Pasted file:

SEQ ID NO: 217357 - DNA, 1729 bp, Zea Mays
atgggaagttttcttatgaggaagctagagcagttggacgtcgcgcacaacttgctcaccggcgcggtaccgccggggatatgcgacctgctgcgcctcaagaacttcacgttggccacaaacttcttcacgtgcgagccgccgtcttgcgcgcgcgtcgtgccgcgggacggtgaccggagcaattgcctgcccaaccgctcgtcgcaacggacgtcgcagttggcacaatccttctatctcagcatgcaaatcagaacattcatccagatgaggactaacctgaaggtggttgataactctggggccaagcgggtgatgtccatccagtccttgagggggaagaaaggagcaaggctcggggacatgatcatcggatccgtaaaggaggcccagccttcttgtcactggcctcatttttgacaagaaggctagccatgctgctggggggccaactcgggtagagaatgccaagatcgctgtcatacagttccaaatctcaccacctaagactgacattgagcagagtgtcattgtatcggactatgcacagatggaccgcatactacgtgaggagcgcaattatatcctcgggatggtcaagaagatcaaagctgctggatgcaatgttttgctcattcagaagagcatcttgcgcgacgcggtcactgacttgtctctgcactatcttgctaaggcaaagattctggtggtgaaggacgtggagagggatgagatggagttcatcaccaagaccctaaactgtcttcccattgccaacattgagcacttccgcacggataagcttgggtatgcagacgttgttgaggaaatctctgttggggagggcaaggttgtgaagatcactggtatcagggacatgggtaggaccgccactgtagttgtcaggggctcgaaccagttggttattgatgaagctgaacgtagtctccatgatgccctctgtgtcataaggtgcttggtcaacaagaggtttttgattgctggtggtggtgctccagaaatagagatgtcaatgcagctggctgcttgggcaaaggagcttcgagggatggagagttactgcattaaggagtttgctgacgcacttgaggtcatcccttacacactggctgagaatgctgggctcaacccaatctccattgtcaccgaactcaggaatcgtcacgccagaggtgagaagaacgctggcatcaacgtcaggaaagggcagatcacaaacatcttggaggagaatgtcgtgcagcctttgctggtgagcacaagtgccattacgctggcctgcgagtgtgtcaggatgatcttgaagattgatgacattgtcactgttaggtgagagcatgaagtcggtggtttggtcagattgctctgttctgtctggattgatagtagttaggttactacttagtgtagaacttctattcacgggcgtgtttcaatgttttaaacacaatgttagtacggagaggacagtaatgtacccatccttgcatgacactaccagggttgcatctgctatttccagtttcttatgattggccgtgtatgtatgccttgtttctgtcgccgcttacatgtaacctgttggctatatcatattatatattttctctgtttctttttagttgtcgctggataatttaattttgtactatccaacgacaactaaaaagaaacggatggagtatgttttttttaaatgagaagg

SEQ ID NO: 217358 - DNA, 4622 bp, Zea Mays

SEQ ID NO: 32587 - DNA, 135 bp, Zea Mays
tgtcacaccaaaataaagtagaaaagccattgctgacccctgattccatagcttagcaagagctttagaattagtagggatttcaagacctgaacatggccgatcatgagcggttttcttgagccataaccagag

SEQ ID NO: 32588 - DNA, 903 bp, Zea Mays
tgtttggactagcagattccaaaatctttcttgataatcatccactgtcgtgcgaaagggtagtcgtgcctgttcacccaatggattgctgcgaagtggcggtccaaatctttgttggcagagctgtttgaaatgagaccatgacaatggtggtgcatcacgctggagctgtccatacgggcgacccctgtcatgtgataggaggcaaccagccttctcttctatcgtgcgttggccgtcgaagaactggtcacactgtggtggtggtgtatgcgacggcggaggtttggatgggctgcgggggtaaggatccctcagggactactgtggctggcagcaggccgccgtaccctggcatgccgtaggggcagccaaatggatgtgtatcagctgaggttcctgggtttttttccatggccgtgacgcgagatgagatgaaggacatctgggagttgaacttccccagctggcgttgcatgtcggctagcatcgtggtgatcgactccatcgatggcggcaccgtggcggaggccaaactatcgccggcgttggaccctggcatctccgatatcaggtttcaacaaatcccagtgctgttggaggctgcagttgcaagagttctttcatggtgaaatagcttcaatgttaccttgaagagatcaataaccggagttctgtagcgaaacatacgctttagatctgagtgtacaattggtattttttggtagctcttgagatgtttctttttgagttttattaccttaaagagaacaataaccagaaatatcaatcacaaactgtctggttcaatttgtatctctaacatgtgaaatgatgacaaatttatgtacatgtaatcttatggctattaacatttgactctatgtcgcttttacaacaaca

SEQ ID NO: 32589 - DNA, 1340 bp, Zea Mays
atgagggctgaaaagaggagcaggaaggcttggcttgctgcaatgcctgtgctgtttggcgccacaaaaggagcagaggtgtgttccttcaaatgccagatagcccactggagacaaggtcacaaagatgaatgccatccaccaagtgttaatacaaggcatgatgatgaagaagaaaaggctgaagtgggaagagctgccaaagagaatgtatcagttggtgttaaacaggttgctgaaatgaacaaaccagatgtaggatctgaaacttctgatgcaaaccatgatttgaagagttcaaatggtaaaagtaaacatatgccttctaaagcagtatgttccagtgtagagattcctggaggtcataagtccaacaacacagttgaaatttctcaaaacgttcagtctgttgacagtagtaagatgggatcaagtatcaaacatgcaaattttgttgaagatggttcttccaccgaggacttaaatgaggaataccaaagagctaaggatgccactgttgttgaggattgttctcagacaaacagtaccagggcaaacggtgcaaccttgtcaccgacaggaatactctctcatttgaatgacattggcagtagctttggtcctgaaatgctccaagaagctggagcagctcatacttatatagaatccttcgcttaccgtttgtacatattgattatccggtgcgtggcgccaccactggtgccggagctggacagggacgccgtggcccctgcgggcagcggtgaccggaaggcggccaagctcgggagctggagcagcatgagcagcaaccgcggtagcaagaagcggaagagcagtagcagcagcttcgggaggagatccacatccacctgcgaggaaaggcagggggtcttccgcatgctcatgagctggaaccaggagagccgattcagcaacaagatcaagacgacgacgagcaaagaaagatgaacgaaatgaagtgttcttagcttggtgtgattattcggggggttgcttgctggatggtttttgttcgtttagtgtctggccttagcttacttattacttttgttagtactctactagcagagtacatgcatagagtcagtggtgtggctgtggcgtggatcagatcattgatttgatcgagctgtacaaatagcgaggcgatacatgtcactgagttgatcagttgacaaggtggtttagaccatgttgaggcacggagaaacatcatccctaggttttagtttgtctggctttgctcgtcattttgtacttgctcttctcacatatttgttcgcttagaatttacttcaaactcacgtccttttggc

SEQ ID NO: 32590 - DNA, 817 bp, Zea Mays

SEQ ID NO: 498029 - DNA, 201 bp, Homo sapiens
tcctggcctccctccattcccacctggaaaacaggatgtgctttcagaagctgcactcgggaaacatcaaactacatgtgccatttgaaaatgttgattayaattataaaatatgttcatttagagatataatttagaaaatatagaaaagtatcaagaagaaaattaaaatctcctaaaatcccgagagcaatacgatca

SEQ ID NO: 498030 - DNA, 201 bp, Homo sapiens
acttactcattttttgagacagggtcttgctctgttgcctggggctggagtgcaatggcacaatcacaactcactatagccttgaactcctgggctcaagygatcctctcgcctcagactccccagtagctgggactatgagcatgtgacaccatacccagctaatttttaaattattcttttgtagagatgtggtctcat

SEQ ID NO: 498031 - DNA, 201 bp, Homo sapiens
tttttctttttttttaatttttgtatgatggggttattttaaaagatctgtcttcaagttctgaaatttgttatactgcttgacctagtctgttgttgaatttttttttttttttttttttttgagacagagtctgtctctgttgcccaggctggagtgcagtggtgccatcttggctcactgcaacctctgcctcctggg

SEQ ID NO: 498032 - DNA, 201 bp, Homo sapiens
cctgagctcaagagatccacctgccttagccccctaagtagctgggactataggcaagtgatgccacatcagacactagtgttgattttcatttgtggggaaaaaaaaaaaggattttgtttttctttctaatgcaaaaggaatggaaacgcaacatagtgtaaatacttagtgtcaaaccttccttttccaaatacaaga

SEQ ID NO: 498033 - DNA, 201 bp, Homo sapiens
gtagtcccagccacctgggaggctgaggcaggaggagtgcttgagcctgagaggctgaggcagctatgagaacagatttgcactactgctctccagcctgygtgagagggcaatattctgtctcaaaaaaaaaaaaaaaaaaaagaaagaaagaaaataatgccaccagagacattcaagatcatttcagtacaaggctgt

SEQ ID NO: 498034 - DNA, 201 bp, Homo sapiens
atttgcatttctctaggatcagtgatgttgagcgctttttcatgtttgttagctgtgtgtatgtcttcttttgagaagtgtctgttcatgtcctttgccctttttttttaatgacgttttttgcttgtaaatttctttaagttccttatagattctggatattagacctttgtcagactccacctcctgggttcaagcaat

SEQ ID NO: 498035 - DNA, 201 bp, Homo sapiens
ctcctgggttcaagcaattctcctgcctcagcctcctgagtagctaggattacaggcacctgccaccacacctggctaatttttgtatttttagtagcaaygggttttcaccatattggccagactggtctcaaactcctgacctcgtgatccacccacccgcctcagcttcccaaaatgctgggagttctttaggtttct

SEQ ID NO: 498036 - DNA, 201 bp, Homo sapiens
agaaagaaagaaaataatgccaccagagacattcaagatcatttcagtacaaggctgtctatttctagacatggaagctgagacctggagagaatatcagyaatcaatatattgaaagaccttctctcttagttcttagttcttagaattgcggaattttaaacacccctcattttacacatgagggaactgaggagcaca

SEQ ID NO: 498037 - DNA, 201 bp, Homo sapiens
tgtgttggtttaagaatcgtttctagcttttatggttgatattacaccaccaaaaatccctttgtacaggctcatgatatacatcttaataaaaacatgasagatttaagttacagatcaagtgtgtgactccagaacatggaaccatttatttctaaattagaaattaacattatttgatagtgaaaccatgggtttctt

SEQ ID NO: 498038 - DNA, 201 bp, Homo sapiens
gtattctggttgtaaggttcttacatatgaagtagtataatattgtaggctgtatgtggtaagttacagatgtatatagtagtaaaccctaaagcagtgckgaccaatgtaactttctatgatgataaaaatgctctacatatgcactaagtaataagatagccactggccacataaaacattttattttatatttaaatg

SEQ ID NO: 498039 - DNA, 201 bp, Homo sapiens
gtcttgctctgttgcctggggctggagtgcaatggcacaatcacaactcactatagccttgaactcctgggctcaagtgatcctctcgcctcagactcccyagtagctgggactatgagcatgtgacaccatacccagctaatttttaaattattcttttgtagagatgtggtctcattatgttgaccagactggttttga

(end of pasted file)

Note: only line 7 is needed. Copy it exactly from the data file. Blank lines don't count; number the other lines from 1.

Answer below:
tgtttggactagcagattccaaaatctttcttgataatcatccactgtcgtgcgaaagggtagtcgtgcctgttcacccaatggattgctgcgaagtggcggtccaaatctttgttggcagagctgtttgaaatgagaccatgacaatggtggtgcatcacgctggagctgtccatacgggcgacccctgtcatgtgataggaggcaaccagccttctcttctatcgtgcgttggccgtcgaagaactggtcacactgtggtggtggtgtatgcgacggcggaggtttggatgggctgcgggggtaaggatccctcagggactactgtggctggcagcaggccgccgtaccctggcatgccgtaggggcagccaaatggatgtgtatcagctgaggttcctgggtttttttccatggccgtgacgcgagatgagatgaaggacatctgggagttgaacttccccagctggcgttgcatgtcggctagcatcgtggtgatcgactccatcgatggcggcaccgtggcggaggccaaactatcgccggcgttggaccctggcatctccgatatcaggtttcaacaaatcccagtgctgttggaggctgcagttgcaagagttctttcatggtgaaatagcttcaatgttaccttgaagagatcaataaccggagttctgtagcgaaacatacgctttagatctgagtgtacaattggtattttttggtagctcttgagatgtttctttttgagttttattaccttaaagagaacaataaccagaaatatcaatcacaaactgtctggttcaatttgtatctctaacatgtgaaatgatgacaaatttatgtacatgtaatcttatggctattaacatttgactctatgtcgcttttacaacaaca